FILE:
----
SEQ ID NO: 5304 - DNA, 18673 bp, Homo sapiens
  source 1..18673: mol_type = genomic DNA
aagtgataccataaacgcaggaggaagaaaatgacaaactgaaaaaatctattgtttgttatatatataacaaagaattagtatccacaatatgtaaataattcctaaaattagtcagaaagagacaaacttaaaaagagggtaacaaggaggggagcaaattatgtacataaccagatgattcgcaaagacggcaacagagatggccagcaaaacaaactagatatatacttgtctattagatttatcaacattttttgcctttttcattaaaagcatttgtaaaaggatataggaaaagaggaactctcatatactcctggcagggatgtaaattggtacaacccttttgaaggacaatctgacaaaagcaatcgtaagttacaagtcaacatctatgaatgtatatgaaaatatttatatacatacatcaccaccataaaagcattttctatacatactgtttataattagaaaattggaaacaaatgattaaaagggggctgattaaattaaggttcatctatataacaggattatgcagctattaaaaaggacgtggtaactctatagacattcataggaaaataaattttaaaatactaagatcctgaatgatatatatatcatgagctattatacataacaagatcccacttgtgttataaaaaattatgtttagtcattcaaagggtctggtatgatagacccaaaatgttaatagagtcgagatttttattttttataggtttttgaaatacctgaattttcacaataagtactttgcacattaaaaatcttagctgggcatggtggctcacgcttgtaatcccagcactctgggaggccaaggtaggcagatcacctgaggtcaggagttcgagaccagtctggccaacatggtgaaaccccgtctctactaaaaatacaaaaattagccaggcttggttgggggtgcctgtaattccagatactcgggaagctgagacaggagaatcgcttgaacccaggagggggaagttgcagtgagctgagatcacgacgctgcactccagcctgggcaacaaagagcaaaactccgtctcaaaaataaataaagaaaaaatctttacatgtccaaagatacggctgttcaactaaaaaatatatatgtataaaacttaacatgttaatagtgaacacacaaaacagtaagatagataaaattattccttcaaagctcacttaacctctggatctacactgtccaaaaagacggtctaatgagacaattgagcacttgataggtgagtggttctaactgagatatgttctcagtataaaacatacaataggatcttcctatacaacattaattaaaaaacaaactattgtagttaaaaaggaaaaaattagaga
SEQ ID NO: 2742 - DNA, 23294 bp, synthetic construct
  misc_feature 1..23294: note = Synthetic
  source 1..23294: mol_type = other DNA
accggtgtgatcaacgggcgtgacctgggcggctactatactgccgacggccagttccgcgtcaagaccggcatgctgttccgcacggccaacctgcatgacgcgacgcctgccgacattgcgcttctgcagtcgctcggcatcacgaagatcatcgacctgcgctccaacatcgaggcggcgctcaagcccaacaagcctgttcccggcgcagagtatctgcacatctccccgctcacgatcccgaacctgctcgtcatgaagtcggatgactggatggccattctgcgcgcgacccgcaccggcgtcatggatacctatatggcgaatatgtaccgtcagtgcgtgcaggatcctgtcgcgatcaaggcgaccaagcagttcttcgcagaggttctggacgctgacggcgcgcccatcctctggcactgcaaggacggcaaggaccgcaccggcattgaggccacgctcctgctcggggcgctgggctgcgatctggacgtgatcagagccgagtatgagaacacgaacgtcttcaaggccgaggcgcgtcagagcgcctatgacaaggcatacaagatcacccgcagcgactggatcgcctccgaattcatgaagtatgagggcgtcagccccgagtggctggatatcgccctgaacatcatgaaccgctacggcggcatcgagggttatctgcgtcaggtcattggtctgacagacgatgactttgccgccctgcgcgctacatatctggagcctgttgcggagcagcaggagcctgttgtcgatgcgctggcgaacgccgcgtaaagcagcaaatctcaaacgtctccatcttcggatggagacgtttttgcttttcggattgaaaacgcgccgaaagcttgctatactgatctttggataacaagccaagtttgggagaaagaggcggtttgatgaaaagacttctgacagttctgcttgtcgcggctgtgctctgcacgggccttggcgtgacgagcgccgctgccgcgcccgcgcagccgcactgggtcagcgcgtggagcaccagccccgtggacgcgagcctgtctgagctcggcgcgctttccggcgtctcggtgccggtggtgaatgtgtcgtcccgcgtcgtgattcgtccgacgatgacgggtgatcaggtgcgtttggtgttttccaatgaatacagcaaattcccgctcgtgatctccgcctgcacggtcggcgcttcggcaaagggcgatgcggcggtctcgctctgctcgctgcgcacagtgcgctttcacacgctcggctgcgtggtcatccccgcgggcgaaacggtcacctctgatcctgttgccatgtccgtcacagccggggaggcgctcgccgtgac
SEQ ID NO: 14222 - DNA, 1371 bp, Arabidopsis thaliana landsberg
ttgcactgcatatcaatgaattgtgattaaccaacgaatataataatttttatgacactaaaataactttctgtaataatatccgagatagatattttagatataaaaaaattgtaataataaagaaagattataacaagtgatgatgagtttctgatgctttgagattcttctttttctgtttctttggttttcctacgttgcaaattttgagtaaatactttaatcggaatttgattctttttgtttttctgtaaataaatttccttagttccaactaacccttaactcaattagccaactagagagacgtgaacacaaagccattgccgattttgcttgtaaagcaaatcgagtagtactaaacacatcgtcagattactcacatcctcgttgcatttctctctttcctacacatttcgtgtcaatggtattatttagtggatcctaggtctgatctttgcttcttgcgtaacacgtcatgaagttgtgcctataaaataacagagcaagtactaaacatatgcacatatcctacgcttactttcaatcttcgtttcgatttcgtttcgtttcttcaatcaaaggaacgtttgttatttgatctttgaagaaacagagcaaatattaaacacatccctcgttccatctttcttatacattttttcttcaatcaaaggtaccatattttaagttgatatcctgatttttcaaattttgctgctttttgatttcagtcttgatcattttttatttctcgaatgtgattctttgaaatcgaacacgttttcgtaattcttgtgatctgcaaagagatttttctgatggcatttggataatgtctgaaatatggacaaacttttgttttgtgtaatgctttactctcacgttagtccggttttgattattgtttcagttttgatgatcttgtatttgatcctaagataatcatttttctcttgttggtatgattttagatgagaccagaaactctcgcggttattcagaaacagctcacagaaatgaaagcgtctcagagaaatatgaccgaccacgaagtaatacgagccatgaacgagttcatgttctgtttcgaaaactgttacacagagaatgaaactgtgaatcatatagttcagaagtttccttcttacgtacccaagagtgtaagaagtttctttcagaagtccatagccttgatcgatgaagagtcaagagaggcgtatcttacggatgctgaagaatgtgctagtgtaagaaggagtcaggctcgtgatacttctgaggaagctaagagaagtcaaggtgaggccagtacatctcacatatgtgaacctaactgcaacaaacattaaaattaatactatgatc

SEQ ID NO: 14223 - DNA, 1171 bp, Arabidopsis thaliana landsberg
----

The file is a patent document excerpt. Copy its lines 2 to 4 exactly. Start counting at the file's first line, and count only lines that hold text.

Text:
  source 1..18673: mol_type = genomic DNA
aagtgataccataaacgcaggaggaagaaaatgacaaactgaaaaaatctattgtttgttatatatataacaaagaattagtatccacaatatgtaaataattcctaaaattagtcagaaagagacaaacttaaaaagagggtaacaaggaggggagcaaattatgtacataaccagatgattcgcaaagacggcaacagagatggccagcaaaacaaactagatatatacttgtctattagatttatcaacattttttgcctttttcattaaaagcatttgtaaaaggatataggaaaagaggaactctcatatactcctggcagggatgtaaattggtacaacccttttgaaggacaatctgacaaaagcaatcgtaagttacaagtcaacatctatgaatgtatatgaaaatatttatatacatacatcaccaccataaaagcattttctatacatactgtttataattagaaaattggaaacaaatgattaaaagggggctgattaaattaaggttcatctatataacaggattatgcagctattaaaaaggacgtggtaactctatagacattcataggaaaataaattttaaaatactaagatcctgaatgatatatatatcatgagctattatacataacaagatcccacttgtgttataaaaaattatgtttagtcattcaaagggtctggtatgatagacccaaaatgttaatagagtcgagatttttattttttataggtttttgaaatacctgaattttcacaataagtactttgcacattaaaaatcttagctgggcatggtggctcacgcttgtaatcccagcactctgggaggccaaggtaggcagatcacctgaggtcaggagttcgagaccagtctggccaacatggtgaaaccccgtctctactaaaaatacaaaaattagccaggcttggttgggggtgcctgtaattccagatactcgggaagctgagacaggagaatcgcttgaacccaggagggggaagttgcagtgagctgagatcacgacgctgcactccagcctgggcaacaaagagcaaaactccgtctcaaaaataaataaagaaaaaatctttacatgtccaaagatacggctgttcaactaaaaaatatatatgtataaaacttaacatgttaatagtgaacacacaaaacagtaagatagataaaattattccttcaaagctcacttaacctctggatctacactgtccaaaaagacggtctaatgagacaattgagcacttgataggtgagtggttctaactgagatatgttctcagtataaaacatacaataggatcttcctatacaacattaattaaaaaacaaactattgtagttaaaaaggaaaaaattagaga
SEQ ID NO: 2742 - DNA, 23294 bp, synthetic construct